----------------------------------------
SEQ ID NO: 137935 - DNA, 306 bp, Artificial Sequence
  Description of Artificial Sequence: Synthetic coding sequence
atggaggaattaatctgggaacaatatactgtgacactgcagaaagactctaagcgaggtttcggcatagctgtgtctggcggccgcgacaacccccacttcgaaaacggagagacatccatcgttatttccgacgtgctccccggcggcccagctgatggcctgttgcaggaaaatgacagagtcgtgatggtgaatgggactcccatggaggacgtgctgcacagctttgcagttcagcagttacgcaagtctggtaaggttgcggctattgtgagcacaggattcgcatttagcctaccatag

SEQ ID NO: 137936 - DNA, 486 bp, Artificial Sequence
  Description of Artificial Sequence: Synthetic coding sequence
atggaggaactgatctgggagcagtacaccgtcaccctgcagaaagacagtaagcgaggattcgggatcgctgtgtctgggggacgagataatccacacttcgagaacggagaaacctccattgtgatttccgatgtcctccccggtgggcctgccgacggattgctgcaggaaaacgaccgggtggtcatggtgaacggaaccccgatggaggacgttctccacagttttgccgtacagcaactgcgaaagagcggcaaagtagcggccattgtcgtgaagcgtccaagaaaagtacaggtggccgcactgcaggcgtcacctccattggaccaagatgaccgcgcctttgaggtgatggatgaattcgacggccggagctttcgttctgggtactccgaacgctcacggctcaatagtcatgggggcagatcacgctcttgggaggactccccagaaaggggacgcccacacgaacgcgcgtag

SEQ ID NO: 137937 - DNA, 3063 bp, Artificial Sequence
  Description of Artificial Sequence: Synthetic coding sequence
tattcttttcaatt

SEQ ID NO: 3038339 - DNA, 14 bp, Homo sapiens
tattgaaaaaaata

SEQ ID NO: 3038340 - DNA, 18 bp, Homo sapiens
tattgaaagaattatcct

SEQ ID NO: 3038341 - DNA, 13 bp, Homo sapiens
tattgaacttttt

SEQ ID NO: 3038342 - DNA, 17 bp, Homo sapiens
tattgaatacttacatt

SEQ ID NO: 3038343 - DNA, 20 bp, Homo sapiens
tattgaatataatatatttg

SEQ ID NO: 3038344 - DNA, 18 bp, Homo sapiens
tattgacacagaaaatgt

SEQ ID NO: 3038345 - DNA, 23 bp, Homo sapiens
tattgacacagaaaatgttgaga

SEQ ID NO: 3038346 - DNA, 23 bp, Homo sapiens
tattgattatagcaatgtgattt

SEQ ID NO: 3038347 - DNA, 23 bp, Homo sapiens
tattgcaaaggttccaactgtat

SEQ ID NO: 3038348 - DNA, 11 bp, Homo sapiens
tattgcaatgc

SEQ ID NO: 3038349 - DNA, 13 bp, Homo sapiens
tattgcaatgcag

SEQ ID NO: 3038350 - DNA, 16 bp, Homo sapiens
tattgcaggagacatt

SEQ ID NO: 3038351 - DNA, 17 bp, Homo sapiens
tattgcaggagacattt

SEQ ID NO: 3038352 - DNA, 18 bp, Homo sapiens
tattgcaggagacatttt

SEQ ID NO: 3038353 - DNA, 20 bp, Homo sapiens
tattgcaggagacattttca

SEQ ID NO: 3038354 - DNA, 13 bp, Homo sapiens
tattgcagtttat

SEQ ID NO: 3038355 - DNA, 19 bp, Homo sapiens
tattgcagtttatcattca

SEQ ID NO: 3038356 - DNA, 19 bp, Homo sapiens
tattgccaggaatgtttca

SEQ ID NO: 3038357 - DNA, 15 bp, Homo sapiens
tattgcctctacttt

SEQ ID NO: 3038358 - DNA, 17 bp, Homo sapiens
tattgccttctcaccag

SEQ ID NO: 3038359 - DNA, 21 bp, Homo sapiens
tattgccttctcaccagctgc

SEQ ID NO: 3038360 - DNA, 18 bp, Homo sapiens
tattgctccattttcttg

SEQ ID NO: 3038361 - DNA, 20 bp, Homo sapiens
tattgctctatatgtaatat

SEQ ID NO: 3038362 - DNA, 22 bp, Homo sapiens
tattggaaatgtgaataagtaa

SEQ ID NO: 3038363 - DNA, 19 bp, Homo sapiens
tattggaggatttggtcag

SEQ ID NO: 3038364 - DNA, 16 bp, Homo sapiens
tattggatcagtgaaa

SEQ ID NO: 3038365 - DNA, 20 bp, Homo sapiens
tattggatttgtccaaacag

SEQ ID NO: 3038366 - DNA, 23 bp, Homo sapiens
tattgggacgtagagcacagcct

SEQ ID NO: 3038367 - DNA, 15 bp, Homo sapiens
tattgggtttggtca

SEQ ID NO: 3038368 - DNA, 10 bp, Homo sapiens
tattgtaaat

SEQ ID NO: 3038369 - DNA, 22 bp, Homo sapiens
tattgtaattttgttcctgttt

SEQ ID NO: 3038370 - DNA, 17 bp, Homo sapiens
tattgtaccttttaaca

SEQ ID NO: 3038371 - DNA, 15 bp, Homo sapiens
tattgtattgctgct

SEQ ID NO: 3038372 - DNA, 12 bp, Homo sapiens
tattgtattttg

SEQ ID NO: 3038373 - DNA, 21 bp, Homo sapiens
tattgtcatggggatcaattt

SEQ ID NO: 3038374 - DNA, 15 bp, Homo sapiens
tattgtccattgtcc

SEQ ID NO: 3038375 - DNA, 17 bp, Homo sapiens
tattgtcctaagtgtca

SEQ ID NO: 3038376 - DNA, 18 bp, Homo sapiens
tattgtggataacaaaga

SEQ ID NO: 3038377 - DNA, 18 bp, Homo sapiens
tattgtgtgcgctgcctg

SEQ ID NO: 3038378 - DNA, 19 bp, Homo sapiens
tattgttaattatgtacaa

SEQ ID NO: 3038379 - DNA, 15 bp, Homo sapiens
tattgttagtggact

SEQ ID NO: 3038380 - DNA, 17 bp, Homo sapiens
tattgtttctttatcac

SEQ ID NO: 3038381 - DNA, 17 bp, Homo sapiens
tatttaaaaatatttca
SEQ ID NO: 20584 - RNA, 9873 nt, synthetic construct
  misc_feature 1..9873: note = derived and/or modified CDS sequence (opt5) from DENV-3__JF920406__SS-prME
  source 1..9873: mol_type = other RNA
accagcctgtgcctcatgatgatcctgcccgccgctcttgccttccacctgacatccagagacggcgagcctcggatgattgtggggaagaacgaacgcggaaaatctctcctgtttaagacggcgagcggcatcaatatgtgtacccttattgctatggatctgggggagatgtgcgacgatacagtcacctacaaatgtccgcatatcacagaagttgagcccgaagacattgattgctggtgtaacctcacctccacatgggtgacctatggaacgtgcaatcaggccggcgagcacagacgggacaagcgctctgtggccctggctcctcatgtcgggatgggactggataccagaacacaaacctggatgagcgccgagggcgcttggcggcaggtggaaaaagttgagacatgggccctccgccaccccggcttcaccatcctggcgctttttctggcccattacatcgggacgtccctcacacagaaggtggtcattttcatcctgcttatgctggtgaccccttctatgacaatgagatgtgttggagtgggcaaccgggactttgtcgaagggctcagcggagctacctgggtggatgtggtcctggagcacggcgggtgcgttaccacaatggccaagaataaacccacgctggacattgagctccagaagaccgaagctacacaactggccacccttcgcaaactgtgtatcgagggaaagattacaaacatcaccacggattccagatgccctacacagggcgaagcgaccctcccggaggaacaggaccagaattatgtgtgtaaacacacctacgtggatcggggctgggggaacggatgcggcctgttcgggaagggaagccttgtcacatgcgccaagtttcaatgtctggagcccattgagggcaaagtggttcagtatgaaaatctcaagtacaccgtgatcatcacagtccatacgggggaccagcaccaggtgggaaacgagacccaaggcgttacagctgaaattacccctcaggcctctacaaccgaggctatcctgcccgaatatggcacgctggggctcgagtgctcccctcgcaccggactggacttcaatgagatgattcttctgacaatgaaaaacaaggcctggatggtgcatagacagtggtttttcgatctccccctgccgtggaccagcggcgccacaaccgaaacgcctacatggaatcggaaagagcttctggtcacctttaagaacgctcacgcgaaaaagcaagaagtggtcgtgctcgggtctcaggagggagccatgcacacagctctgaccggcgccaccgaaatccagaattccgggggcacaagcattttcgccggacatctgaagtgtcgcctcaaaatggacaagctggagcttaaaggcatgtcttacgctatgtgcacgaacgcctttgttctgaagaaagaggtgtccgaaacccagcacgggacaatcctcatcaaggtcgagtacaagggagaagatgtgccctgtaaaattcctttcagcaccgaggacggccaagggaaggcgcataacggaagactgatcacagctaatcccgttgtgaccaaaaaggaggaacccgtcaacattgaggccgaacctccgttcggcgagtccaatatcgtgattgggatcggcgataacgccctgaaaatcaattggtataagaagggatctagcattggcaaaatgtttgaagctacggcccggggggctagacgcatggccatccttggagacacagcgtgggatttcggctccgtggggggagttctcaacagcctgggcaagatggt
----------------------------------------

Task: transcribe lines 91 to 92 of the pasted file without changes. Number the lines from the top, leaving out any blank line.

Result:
tattgttagtggact

SEQ ID NO: 3038380 - DNA, 17 bp, Homo sapiens